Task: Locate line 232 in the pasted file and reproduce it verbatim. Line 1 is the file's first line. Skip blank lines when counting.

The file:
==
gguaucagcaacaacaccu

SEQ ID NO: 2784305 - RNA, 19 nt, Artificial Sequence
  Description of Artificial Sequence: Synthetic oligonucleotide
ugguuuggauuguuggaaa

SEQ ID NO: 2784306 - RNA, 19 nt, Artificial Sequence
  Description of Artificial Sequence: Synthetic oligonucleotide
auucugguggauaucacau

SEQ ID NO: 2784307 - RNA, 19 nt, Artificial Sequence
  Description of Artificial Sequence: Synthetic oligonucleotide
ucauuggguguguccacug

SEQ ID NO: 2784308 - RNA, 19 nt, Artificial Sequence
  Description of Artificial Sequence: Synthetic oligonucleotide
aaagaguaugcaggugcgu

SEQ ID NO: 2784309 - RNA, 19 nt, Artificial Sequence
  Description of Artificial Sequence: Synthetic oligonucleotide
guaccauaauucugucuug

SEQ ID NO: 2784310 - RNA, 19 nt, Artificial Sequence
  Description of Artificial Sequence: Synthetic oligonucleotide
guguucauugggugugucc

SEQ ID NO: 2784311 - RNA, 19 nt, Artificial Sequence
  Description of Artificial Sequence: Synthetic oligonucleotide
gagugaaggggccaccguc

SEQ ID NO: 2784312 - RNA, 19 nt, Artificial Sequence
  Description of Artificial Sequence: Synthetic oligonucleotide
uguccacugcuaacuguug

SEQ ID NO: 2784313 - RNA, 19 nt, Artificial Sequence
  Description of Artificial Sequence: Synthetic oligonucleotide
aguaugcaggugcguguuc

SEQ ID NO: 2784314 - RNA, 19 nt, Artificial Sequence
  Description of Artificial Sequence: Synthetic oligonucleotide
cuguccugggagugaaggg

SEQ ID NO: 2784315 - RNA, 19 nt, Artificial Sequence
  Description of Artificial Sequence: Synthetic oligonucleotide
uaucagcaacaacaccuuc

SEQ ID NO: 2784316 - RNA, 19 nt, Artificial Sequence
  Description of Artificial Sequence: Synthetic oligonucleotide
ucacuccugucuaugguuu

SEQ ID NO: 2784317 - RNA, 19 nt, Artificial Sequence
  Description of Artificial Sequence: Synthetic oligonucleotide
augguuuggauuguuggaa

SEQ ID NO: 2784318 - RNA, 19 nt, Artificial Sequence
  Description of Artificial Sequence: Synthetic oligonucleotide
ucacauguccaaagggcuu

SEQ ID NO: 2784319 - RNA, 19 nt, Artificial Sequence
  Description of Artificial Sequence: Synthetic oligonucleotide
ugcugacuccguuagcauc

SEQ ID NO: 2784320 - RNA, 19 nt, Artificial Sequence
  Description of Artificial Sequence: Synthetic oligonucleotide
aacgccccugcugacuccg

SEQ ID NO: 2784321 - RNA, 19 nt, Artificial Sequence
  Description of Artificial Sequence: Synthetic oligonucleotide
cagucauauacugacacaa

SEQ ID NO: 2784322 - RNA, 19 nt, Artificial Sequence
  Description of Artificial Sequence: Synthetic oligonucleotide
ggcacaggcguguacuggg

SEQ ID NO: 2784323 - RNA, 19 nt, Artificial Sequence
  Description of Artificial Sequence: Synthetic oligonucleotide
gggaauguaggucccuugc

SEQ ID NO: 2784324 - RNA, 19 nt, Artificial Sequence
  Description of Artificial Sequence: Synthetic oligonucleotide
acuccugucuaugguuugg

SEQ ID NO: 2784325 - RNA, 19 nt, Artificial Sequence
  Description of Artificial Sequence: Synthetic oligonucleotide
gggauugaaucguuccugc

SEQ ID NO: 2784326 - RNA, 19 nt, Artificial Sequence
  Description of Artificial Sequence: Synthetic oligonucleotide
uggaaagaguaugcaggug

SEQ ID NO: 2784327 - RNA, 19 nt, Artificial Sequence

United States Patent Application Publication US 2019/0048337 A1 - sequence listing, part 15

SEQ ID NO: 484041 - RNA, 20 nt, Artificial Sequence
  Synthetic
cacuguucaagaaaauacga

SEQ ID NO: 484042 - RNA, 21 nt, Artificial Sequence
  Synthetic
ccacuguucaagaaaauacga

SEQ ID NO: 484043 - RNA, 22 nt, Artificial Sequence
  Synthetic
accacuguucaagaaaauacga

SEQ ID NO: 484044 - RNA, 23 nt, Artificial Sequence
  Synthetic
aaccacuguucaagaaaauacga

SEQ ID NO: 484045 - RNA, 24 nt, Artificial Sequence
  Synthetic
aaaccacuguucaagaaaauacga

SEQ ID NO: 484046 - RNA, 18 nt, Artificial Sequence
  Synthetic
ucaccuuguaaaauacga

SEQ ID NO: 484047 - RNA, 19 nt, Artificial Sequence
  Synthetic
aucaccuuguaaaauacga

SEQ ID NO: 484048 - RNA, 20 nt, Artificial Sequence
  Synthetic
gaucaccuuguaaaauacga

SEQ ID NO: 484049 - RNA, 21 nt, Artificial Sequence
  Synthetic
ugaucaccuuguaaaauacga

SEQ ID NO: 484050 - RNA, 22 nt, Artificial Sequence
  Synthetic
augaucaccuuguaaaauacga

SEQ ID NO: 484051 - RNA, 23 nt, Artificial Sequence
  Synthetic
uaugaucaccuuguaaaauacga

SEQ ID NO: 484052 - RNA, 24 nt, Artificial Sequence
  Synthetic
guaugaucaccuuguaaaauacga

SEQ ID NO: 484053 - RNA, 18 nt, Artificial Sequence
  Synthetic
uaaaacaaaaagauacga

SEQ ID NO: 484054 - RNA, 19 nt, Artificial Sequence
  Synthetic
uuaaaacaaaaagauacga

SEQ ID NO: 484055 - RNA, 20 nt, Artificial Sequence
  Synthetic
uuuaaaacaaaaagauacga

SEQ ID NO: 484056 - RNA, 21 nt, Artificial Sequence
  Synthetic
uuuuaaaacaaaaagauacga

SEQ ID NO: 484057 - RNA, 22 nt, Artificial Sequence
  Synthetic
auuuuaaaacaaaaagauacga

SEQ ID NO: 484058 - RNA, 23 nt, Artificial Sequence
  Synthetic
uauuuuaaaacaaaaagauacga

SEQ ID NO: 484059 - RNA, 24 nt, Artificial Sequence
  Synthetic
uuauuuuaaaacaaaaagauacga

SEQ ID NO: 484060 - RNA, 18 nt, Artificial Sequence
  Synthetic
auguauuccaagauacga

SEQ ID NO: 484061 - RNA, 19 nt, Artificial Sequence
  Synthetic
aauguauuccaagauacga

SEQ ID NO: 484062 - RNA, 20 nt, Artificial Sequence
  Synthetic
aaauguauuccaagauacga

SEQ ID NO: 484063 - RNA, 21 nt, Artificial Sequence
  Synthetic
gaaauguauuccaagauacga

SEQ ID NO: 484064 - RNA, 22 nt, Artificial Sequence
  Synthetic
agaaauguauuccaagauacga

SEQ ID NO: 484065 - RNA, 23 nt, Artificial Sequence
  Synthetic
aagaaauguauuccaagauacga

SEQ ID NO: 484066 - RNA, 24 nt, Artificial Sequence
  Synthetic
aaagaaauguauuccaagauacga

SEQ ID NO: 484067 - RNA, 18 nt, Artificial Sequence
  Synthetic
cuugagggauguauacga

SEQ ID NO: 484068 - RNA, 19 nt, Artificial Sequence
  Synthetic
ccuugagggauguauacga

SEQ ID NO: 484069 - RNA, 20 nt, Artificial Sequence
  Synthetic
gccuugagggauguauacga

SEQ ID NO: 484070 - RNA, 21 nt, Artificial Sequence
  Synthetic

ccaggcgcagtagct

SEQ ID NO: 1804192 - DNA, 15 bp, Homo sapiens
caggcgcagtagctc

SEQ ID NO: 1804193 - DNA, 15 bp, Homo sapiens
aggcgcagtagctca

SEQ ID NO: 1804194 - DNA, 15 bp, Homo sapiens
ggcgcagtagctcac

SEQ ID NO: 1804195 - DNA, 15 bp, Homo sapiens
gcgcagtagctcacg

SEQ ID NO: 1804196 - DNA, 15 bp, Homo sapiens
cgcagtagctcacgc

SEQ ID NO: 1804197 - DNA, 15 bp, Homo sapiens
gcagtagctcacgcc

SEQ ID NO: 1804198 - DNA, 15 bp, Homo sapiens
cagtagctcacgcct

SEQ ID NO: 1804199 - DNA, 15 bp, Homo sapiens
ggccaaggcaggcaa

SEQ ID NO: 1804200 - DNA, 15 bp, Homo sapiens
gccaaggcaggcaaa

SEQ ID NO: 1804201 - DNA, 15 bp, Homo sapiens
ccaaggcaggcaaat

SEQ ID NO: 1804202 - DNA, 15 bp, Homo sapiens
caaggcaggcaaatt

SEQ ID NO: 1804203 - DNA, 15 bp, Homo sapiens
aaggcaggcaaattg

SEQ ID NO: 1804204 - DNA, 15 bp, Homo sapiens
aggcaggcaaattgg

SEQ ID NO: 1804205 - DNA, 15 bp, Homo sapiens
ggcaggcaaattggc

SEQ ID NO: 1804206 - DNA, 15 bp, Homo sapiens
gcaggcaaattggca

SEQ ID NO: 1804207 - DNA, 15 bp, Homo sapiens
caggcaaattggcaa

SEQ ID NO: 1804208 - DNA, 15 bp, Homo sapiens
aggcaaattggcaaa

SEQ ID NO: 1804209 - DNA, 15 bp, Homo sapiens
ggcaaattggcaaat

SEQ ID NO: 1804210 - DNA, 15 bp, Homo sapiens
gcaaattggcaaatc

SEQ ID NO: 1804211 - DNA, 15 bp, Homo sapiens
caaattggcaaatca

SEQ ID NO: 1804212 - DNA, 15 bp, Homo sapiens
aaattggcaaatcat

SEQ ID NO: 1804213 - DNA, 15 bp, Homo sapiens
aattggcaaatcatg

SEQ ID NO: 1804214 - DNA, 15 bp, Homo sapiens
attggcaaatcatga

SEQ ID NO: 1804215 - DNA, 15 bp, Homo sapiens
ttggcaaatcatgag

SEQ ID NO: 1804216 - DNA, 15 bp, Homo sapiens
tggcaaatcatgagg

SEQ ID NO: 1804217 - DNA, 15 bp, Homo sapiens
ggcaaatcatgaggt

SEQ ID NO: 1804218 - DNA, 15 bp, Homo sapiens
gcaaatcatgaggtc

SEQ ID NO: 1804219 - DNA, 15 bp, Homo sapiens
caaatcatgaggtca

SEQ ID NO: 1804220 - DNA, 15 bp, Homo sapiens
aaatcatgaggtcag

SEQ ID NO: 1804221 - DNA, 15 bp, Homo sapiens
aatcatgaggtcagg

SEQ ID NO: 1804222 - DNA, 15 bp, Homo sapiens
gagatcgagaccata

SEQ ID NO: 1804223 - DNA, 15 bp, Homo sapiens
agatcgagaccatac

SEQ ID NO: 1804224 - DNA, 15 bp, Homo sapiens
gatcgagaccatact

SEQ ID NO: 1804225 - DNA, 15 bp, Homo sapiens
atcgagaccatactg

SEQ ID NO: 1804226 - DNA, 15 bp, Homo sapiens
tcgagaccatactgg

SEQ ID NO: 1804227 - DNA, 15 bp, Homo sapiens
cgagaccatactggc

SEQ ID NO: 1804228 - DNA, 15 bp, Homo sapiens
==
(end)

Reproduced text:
SEQ ID NO: 1804228 - DNA, 15 bp, Homo sapiens